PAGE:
Genetic Parameters for Human-Directed Behavior and Intraspecific Social Aggression Traits in Growing Pigs

Julia A Calderon Diaz, Suzanne Desire, Craig Lewis, Rainer Roehe, Simon Turner Turner

Research output: Chapter in Book/Report/Conference proceedingConference contribution

6 Downloads (Pure)


This study aimed to estimate heritabilities and genetic and phenotypic correlations for human-directed behavior and intraspecific social aggression traits in growing pigs, and to explore genetic and phenotypic correlations among them. Pigs (n = 2,314) were mixed into groups of 18 animals at 69 ± 5.2 d of age and skin lesions (SL) were counted 24 h (SL24h) and 5 weeks (SL5WK) post-mixing. Individual behavioral responses to isolation in a weighing crate (CRATE, 1 = pig performing exploratory behavior to 4 = pig performing serious, persistent attempts to escape) or when alone in an arena while a human directly approached them (IHAT) were assessed within 48 h post-mixing. During the IHAT, three separate scores were given for each pig based on the severity (0 = none to 3 = severe reaction) of their movement, vocalizations, and vigilance. Additionally, pigs were tested for behavioral responses to the presence of a single human observer walking in their home pen in a circular motion (WTP) within 1 and 4 weeks post-mixing recording pigs that followed, nosed or bit the observer. An animal model was used to estimate genetic parameters for all studied traits using the DMU software. Heritabilities (h2) for SL, CRATE and IHAT responses were low to moderate (0.17 to 0.29), with the greatest h2 estimated for speed of moving away from the approaching observer in the IHAT. Low but significant h2 were estimated for nosing (0.09) and biting (0.11) the observer at 4 weeks post-mixing in the WTP test. Positive high genetic correlations (rg) were observed between CRATE and IHAT responses (0.55 to 0.90), and within SL traits (0.60 to 0.94) while positive low to high rg were estimated within the WTP test (0.24 to 0.59) traits. Positive moderate rg were observed between CRATE and central and posterior SL24h. Genetic correlations between CRATE and IHAT test responses and WTP test traits were low, mostly negative (-0.21 to 0.05) and not significant. Low positive rg (0.06 to 0.24) were observed between SL and the WTP test traits except for the lack of rg between posterior SL24h and pigs biting or following the observer during both tests. Phenotypic correlations between CRATE and IHAT responses and SL or WTP test traits were mostly low and not significant. Under the conditions of this study, h2 estimates for all studied traits suggest they could be suitable as a method of phenotyping aggression and fear and/or boldness in pigs for genetic selection purposes. Additionally, there was evidence of genetic associations between aggression and fear indicators. These findings suggest applying selection pressure to reduce the accumulation of lesions is likely to make pigs more relaxed in a crate environment, but to alter the engagement with humans in other contexts that depends on the location of the lesions under selection.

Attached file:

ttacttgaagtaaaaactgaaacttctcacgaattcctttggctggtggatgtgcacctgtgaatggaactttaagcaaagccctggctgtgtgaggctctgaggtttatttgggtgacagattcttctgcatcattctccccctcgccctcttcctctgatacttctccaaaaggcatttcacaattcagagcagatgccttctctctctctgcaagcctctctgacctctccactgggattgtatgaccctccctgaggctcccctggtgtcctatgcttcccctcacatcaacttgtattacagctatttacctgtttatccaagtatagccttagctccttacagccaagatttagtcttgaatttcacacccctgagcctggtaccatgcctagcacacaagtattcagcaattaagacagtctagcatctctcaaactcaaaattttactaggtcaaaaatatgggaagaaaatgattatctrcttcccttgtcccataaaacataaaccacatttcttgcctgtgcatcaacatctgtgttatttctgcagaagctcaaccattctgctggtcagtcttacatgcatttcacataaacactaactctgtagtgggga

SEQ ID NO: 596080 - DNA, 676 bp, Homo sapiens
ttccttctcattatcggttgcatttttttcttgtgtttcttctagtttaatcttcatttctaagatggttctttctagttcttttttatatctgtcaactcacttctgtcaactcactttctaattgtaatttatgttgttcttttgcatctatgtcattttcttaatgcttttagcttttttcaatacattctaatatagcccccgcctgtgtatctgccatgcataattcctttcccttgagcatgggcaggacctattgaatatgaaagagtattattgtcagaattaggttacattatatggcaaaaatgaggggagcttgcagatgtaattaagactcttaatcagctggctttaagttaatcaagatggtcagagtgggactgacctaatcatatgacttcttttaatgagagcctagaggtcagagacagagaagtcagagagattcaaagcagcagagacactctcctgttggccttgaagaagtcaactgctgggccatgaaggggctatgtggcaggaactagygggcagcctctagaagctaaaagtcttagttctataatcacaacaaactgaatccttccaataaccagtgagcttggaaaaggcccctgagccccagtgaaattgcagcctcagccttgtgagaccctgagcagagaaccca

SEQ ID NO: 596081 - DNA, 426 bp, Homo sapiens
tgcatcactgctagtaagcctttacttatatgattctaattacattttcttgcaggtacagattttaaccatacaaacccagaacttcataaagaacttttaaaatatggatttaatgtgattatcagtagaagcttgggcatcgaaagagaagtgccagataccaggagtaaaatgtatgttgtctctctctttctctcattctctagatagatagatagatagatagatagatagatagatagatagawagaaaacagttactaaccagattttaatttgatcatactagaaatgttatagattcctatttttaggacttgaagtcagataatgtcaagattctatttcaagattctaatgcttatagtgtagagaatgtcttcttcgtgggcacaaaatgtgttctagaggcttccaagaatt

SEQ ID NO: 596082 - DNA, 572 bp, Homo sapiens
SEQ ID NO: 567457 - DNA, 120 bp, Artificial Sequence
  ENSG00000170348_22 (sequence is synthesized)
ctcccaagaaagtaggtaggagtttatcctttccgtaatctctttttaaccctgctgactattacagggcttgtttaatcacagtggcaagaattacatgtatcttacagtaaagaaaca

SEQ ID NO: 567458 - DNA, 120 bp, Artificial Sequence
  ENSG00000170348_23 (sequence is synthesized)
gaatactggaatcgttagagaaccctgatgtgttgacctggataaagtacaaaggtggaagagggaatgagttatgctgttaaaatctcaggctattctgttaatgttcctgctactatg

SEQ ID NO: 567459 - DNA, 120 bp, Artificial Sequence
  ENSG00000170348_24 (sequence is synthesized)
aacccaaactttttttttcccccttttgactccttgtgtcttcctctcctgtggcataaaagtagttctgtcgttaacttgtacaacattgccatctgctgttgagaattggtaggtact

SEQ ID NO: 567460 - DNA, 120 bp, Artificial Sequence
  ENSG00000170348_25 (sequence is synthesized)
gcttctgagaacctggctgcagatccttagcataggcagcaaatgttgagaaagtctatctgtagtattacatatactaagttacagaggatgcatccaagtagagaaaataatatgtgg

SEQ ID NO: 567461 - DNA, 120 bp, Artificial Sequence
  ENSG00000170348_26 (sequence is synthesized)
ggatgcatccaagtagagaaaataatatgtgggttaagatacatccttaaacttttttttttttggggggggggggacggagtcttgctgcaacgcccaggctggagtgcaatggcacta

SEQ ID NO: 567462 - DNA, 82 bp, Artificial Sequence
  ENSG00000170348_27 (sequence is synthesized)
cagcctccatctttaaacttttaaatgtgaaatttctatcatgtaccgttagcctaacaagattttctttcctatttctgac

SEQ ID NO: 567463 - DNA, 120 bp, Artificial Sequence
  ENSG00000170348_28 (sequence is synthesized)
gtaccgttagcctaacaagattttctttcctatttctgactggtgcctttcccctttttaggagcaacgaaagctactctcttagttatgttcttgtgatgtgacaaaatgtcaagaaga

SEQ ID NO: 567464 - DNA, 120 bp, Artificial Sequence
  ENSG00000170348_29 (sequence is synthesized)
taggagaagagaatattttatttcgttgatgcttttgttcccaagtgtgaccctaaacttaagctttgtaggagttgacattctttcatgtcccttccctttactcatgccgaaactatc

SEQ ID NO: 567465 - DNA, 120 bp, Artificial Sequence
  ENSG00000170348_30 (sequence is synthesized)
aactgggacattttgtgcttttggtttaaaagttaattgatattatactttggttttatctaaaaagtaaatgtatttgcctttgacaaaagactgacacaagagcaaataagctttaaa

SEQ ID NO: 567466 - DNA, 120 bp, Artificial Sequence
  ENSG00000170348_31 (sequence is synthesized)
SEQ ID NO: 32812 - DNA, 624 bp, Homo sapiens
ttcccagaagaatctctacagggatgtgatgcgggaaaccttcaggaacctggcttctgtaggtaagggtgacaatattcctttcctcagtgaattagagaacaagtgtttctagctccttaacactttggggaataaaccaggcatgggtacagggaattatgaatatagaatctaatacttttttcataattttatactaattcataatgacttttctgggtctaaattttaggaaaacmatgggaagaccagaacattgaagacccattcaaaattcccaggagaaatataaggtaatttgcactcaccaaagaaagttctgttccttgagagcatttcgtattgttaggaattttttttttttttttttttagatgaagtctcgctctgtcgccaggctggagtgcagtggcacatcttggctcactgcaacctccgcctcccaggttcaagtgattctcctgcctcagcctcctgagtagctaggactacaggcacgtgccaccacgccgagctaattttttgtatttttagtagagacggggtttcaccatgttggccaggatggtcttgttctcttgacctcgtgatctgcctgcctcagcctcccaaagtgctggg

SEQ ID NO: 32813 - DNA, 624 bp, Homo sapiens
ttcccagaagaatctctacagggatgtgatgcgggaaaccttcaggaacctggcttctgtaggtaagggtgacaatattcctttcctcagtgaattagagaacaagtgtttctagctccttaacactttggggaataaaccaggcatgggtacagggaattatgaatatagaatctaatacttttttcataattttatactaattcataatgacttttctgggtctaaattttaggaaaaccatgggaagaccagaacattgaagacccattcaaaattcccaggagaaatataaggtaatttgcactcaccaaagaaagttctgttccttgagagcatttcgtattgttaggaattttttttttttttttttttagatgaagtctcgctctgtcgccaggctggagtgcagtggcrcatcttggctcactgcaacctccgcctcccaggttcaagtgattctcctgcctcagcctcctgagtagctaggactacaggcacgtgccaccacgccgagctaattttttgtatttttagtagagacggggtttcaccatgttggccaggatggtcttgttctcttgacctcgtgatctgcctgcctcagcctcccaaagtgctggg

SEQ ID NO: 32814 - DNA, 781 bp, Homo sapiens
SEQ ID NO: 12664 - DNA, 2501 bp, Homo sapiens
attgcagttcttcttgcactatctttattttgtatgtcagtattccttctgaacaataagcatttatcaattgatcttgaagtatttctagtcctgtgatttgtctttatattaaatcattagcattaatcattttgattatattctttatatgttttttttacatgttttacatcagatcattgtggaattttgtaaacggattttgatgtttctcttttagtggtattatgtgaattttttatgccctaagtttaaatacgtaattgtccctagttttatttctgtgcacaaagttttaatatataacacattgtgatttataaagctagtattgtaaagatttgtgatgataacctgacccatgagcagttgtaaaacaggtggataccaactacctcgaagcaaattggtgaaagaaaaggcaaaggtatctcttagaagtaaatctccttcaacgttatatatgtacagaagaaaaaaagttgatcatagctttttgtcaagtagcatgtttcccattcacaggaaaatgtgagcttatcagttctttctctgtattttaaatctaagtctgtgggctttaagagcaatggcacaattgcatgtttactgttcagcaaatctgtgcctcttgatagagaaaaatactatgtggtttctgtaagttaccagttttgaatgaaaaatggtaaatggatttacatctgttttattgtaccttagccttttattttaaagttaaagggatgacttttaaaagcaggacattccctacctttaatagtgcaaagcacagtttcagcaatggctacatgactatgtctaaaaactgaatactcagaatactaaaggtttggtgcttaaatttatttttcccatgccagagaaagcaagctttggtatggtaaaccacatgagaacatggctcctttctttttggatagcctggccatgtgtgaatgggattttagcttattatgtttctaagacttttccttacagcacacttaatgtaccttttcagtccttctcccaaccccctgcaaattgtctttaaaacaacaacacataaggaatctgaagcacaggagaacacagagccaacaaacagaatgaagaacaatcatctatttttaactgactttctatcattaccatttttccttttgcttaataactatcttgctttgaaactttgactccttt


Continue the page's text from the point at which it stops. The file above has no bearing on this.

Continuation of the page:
Original languageEnglish
Title of host publication2023 ASAS Midwest Section Meeting Abstracts
PublisherOxford University Press
Number of pages2
Publication statusPrint publication - 28 Oct 2023

Publication series

NameJournal of Animal Science
PublisherAmerican Society of Animal Science
ISSN (Print)0021-8812


  • Genetics
  • Animal Science and Zoology
  • General Medicine
  • Food Science


Dive into the research topics of 'Genetic Parameters for Human-Directed Behavior and Intraspecific Social Aggression Traits in Growing Pigs'. Together they form a unique fingerprint.

Cite this